That said, if you look at the next three guys on the list—Mixon, Kamara and Cook—all of them are under $10 million per year for the next three years, as far as cash-in-hand. To me, that’s a bargain, for the players they are. Over that same period of time, Amari Cooper will make $60 million in Dallas, Cory Littleton will get $36 million in Vegas and Austin Hooper will make $32.5 million in Cleveland.
Yes, those guys were free agents. But they also aren’t nearly the best at their positions. The aforementioned six guys are close to that, and, again, making less.
Now, could their teams have let things play out, tagged them in 2021, and then let them walk after five years? On paper, yes. But that would mean having an increasingly angry player in your locker room and sending the message to the rest of the guys in there that anyone can be leveraged by the bean counters, regardless of performance. And it’s tough to live that way, especially when, again, there may be a relative bargain out there for you.
In the end, I think that’s what these teams got, because of their willingness to do a deal after three years. And if each one of these guys is still productive over the next three years, I think the Mixon, Kamara and Cook deals will all look like wins for their teams.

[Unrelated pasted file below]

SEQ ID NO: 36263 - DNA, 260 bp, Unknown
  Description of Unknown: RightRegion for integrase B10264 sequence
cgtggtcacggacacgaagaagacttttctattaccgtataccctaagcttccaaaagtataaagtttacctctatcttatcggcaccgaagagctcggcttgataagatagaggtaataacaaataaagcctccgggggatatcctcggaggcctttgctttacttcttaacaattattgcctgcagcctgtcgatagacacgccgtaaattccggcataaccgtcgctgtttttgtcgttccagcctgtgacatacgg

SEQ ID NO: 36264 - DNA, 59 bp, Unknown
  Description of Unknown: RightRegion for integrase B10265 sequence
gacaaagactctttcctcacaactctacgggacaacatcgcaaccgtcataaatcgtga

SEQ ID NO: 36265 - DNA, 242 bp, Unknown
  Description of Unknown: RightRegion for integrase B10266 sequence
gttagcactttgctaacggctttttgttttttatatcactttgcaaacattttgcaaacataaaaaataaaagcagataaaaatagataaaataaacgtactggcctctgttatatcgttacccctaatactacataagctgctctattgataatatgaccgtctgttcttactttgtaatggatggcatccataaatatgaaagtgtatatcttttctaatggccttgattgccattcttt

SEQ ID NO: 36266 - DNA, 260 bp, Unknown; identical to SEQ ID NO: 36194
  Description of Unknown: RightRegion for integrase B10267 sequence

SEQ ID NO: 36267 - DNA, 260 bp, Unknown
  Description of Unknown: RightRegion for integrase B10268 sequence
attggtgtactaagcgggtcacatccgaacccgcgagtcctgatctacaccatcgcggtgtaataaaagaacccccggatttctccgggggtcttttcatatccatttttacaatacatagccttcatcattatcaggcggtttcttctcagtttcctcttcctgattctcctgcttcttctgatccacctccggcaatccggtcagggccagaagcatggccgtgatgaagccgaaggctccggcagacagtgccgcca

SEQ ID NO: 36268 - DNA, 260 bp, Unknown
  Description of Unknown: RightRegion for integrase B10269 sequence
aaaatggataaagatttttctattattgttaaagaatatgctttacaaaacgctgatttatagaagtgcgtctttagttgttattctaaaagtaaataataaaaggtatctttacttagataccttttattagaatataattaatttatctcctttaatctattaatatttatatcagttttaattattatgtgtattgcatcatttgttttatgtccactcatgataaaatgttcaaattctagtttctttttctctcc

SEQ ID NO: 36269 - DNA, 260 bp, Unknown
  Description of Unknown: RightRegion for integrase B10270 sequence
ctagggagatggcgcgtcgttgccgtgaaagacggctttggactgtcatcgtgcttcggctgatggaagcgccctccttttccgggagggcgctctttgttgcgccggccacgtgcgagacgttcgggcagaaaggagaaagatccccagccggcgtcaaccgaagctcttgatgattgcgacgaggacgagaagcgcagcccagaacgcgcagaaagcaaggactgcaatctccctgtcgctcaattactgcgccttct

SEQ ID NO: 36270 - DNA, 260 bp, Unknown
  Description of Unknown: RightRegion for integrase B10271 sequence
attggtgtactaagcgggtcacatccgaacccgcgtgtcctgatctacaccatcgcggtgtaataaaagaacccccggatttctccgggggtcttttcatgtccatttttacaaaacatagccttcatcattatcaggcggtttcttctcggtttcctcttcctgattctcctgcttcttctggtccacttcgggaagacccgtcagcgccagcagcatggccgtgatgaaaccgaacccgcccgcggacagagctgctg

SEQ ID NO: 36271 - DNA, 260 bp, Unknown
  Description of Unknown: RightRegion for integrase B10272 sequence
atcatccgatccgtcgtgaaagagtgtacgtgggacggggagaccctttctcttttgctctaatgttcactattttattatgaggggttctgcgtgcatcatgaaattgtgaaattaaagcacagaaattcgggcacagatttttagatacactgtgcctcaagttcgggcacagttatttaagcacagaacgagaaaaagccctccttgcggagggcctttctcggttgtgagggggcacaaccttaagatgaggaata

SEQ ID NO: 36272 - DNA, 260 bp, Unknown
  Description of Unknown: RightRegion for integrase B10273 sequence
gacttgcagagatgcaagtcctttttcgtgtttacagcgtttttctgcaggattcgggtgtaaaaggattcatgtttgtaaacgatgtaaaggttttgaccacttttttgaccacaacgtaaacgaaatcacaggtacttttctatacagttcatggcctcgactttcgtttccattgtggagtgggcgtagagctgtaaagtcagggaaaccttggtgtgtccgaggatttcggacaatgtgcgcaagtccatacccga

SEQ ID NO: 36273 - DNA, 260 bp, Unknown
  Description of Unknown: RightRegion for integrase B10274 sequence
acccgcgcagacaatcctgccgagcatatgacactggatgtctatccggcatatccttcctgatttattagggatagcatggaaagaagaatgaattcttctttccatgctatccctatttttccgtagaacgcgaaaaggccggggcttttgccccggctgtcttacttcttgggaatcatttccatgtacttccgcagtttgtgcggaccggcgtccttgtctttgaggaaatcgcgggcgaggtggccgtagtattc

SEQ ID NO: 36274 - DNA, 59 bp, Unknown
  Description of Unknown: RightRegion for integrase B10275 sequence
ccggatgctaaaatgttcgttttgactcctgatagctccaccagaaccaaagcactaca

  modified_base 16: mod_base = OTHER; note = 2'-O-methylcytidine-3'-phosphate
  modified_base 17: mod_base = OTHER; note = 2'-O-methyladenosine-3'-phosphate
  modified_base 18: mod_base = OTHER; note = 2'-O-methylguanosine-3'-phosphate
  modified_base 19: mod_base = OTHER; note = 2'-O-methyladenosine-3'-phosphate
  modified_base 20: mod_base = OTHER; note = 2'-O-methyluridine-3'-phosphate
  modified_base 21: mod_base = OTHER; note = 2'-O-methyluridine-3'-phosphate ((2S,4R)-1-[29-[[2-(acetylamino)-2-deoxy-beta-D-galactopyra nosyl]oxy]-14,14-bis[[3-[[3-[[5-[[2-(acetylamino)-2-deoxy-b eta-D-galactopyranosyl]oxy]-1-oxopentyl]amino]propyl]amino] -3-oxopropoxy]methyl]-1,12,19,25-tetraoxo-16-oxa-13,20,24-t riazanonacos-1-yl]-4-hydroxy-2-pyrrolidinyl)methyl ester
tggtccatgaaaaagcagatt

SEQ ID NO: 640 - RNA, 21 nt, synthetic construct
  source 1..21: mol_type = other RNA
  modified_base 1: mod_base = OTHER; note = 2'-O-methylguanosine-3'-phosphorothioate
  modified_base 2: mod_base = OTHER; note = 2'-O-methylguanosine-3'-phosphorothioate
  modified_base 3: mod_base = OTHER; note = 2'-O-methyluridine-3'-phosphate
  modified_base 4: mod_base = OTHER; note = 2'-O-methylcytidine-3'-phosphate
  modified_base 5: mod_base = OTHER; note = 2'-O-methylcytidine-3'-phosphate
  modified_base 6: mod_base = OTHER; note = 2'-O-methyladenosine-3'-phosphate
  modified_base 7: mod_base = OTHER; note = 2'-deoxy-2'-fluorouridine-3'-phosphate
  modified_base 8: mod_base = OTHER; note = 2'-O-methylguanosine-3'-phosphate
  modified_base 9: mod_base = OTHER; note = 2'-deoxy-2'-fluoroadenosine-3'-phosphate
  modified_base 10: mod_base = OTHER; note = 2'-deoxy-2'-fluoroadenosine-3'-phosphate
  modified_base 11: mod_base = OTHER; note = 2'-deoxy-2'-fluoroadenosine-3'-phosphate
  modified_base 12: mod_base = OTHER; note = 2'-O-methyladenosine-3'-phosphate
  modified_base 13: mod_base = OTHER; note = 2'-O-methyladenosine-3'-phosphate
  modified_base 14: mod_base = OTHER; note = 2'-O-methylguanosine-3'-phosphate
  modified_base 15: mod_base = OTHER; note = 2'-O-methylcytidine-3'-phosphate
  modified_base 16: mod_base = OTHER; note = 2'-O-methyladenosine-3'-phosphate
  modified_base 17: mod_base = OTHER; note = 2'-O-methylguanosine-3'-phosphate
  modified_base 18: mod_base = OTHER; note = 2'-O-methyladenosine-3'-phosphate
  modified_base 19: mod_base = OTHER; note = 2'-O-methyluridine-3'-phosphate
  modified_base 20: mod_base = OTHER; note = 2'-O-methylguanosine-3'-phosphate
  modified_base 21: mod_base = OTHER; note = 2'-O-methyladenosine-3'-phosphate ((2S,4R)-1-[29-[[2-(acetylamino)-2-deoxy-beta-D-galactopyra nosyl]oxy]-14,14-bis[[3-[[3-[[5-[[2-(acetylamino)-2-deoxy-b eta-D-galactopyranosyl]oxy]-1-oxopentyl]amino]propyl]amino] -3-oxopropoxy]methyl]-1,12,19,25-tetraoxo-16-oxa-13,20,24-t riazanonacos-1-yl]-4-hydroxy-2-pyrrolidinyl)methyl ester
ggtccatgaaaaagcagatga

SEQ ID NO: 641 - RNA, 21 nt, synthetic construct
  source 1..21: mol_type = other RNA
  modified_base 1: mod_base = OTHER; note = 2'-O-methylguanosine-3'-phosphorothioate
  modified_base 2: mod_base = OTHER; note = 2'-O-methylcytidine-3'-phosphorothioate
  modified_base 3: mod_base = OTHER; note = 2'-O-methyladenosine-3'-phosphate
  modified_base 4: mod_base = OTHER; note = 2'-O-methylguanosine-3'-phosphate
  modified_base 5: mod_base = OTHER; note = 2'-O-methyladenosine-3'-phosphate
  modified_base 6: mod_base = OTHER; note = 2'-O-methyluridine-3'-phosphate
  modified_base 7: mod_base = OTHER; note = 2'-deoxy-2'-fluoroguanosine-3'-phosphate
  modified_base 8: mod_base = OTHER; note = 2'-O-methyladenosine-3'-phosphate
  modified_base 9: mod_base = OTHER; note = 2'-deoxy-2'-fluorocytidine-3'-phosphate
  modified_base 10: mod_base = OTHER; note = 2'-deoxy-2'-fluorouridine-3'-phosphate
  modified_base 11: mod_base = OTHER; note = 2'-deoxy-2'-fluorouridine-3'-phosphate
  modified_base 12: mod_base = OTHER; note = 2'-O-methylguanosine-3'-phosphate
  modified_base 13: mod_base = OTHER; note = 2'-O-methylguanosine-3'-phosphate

It’s also a win for the players. No, these guys aren’t getting paid like Julio Jones or Laremy Tunsil. But at that position, you have to get paid while you can, and they did, indeed, get paid.
THE FINAL WORD
The battle for Ohio is tonight, and you have to think there’s a little extra pressure on Baker Mayfield to bounce back off a rough opener—especially after looking at how resilient and comfortable Joe Burrow seemed to be last week. Getting outdueled by another No. 1 overall pick, two years behind you, and just two games into his career, would be a tough look.